We're becoming more and more excited as the days near the opening of our first Beginner Salsa classes in North Sydney! Classes have almost reaches capacity as North Sydney get's in line to have a taste of the rich flavours of Salsa! (not the dip, the dance!)
Given that our new location will be made of first timers, we thought it appropriate to give you a bit of a background on what and where the word 'Salsa' came from!
Salsa is the commonly used name for the form of music formerly known simply as "Latin music". The Spanish word "salsa" means "sauce", and refers to the hot sauce commonly used in various Latin American diets.
In the late 1960s and early 70s, this latin dance term was coined in the New York city for the purpose of marketing what was already recognised as Afro-Cuban-based music, much of it interpreted over the decades by Puerto Rican and other Latin as well as North American musicians.
Over the years there has existed a controversy surrounding the use of the word salsa to refer the music, which in its primary structure, is essentially the Cuban son form. While many countries have contributed to the development of salsa, including Puerto Rico, Colombia, Venezuela and of course
New York City (Jazz and North American styles of music have had a great influence on Cuban music and vice versa), it is Cuba which serves as salsa's foundation.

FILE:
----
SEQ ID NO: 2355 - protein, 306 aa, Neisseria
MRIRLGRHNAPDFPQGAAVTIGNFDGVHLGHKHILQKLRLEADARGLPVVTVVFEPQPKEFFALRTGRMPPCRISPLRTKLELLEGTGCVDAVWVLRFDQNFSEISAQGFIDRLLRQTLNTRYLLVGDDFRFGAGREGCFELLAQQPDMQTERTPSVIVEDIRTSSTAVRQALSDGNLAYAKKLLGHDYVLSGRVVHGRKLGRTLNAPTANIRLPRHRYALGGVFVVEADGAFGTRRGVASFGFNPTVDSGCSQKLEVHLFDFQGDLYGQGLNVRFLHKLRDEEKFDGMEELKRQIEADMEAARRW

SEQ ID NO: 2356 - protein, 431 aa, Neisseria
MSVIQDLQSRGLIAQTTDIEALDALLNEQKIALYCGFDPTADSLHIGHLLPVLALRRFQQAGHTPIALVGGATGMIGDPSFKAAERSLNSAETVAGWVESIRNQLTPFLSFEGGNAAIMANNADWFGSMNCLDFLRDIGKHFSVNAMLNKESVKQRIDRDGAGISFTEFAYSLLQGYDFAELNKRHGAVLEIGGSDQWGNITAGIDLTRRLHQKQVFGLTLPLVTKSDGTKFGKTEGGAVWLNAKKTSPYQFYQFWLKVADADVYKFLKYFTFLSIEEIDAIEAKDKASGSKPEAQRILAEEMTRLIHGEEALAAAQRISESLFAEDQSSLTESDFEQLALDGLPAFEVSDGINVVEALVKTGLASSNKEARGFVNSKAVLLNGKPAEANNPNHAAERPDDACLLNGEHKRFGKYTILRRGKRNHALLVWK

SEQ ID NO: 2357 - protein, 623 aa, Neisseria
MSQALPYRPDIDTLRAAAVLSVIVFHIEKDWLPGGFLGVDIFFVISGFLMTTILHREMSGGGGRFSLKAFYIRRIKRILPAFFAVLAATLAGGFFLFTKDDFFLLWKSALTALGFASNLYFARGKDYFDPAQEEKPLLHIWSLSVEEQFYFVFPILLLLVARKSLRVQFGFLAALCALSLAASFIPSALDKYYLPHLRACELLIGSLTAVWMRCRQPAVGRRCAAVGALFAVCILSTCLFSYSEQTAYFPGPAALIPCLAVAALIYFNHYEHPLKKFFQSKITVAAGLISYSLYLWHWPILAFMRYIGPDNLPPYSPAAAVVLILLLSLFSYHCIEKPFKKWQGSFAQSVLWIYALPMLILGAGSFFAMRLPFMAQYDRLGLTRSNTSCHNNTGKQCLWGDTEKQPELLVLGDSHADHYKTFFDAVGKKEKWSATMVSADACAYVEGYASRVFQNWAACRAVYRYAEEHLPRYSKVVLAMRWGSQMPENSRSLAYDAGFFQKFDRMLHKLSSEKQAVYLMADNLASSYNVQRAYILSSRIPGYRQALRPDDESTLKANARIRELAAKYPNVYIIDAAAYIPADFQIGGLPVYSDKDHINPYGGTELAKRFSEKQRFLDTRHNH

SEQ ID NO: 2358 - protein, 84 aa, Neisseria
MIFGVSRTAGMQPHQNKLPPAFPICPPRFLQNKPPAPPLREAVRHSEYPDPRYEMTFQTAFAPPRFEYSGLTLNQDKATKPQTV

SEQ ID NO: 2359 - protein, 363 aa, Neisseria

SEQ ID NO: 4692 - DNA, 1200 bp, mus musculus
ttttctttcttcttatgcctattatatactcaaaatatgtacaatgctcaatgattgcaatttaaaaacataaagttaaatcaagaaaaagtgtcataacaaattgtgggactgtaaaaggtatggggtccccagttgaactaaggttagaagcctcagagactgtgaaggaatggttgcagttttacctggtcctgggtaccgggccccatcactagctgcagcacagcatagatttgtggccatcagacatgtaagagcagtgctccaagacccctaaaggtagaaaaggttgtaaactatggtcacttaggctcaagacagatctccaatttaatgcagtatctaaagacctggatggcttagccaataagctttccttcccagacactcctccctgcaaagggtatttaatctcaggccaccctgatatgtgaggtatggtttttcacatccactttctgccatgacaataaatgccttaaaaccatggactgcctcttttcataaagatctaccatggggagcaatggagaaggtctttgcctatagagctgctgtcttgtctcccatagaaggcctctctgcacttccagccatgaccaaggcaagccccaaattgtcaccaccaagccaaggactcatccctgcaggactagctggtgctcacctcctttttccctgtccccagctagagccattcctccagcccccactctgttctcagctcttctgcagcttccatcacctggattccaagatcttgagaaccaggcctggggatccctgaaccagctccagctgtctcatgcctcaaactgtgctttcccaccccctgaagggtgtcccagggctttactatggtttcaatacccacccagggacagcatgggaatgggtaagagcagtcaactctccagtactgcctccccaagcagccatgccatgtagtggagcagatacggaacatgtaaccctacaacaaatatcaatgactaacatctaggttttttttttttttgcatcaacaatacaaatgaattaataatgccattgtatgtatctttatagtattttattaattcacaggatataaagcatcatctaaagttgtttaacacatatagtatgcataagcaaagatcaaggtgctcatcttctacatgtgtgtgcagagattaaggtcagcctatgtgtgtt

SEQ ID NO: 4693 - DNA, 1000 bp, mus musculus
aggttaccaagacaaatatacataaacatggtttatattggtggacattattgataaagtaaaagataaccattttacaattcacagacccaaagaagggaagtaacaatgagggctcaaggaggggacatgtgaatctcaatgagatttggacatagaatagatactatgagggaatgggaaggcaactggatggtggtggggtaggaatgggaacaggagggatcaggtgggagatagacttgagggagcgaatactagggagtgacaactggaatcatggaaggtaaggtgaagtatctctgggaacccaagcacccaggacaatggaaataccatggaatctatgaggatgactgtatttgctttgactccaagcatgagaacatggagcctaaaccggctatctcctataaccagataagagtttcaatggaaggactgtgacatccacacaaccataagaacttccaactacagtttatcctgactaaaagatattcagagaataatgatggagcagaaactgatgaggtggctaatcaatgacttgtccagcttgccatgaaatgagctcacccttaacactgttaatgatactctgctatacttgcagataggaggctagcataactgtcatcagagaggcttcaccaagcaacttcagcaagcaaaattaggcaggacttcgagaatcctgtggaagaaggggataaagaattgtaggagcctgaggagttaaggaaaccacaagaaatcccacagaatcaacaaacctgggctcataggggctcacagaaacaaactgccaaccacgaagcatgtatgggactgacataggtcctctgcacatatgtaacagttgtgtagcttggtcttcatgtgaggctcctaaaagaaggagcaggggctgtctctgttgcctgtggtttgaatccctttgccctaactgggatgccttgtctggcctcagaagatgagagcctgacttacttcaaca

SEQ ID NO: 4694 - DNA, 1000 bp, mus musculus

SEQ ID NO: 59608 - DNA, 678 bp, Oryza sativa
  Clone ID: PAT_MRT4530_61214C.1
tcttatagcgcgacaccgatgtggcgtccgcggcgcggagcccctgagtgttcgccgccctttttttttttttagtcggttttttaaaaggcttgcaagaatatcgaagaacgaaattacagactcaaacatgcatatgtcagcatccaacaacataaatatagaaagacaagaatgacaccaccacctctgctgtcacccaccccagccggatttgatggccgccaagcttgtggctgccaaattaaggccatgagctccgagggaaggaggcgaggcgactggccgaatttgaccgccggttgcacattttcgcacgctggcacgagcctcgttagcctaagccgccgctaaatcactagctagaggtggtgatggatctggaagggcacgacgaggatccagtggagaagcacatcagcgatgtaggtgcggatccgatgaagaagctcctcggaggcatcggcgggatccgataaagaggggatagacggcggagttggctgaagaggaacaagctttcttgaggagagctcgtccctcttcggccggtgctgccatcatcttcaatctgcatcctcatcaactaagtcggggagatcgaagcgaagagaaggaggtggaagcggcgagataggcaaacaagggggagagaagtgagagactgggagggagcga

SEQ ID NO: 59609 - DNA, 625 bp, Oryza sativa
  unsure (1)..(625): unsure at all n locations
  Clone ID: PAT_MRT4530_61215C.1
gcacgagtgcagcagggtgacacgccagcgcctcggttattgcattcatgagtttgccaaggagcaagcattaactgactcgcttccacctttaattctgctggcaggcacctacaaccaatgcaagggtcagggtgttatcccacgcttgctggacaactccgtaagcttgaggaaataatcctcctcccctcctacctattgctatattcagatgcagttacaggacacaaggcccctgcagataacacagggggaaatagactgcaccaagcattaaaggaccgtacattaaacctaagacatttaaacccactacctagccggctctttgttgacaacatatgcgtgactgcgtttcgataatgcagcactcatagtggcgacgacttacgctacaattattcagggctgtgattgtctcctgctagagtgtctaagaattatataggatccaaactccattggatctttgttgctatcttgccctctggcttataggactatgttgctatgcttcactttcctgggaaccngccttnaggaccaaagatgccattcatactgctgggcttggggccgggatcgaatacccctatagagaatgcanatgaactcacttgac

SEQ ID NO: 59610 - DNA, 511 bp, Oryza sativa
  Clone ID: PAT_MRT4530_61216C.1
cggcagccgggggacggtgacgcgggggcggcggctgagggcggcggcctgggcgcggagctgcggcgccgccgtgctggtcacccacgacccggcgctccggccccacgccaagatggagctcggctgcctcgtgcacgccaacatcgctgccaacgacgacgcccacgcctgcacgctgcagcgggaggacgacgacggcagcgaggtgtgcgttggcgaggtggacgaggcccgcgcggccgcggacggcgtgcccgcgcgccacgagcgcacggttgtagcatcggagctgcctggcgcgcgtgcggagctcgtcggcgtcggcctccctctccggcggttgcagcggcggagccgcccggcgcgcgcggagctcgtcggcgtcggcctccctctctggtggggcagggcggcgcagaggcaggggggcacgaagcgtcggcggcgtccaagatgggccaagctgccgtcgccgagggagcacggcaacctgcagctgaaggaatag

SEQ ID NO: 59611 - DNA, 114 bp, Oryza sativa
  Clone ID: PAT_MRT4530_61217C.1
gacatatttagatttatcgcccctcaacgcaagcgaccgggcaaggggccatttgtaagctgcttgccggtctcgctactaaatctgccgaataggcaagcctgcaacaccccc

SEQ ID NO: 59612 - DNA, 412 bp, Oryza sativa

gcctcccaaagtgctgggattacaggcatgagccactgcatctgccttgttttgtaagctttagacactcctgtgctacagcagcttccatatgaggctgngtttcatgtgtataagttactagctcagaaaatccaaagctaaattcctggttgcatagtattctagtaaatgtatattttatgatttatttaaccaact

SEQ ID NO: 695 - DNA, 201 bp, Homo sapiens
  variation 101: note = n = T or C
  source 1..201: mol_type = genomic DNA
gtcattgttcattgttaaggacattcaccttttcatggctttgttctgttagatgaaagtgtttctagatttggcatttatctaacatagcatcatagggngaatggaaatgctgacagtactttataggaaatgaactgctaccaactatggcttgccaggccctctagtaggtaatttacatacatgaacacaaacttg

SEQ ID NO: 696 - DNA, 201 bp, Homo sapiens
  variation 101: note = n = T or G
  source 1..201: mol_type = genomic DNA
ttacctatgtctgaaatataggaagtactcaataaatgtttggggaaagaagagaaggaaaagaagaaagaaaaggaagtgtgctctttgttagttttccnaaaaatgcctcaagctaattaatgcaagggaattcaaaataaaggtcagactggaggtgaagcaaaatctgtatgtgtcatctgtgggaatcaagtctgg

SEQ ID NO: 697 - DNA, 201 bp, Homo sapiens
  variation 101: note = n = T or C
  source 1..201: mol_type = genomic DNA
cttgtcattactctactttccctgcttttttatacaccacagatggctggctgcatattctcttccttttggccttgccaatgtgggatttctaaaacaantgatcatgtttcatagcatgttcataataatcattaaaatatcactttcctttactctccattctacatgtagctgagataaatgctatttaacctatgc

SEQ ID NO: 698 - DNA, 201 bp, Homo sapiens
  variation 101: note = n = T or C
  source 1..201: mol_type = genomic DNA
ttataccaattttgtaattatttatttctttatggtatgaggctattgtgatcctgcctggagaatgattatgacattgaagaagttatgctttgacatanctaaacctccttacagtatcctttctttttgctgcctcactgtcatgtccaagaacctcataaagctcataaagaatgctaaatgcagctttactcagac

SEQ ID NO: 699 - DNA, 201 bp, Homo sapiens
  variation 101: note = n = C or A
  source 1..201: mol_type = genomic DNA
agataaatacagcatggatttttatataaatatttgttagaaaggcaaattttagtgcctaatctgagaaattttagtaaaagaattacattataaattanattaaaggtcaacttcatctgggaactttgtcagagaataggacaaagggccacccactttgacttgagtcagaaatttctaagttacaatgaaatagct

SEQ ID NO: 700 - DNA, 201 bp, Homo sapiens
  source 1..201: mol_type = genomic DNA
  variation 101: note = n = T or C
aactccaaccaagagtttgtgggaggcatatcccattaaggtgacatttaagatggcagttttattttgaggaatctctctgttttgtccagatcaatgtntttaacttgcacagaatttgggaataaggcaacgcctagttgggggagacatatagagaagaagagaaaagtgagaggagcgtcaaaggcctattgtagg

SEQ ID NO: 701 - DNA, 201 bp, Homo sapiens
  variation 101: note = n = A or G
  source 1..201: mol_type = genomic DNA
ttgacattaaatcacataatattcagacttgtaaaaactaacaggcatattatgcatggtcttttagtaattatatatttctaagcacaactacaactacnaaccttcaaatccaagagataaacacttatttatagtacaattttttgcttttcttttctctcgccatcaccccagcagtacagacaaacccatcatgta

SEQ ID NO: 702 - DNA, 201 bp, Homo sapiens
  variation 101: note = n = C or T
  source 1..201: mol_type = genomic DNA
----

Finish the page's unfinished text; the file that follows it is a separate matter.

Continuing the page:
Although the national dances of Puerto Rico are the bomba and the plena, it is hard to miss the slogans of "Puerto Rico the home of salsa" everywhere you go on this island. Musicians such as Tito Puente a New Yorker of Puerto Rican descent and Celia Cruz, born in Cuba, played a huge role in popularising this music. The two of them were often referred to as the king and queen of salsa. Thus although the origins of salsa can be traced back to Cuba its current form owes much to Puerto Rican and other influences.
A major factor in salsa's development stems from its deep connection to numerous drumming styles, most prominently in Cuba, where enslaved African peoples (predominantly from the western coastal regions of Africa) were able to maintain their sacred and secular drumming traditions. African instruments were not brought with the slave trade. Rather Africans re-created their instruments with the available material on the islands, making several adaptations along the way.
And there you have it! Now when someone asks about Salsa, you can ask them if they mean the dip or the dance?!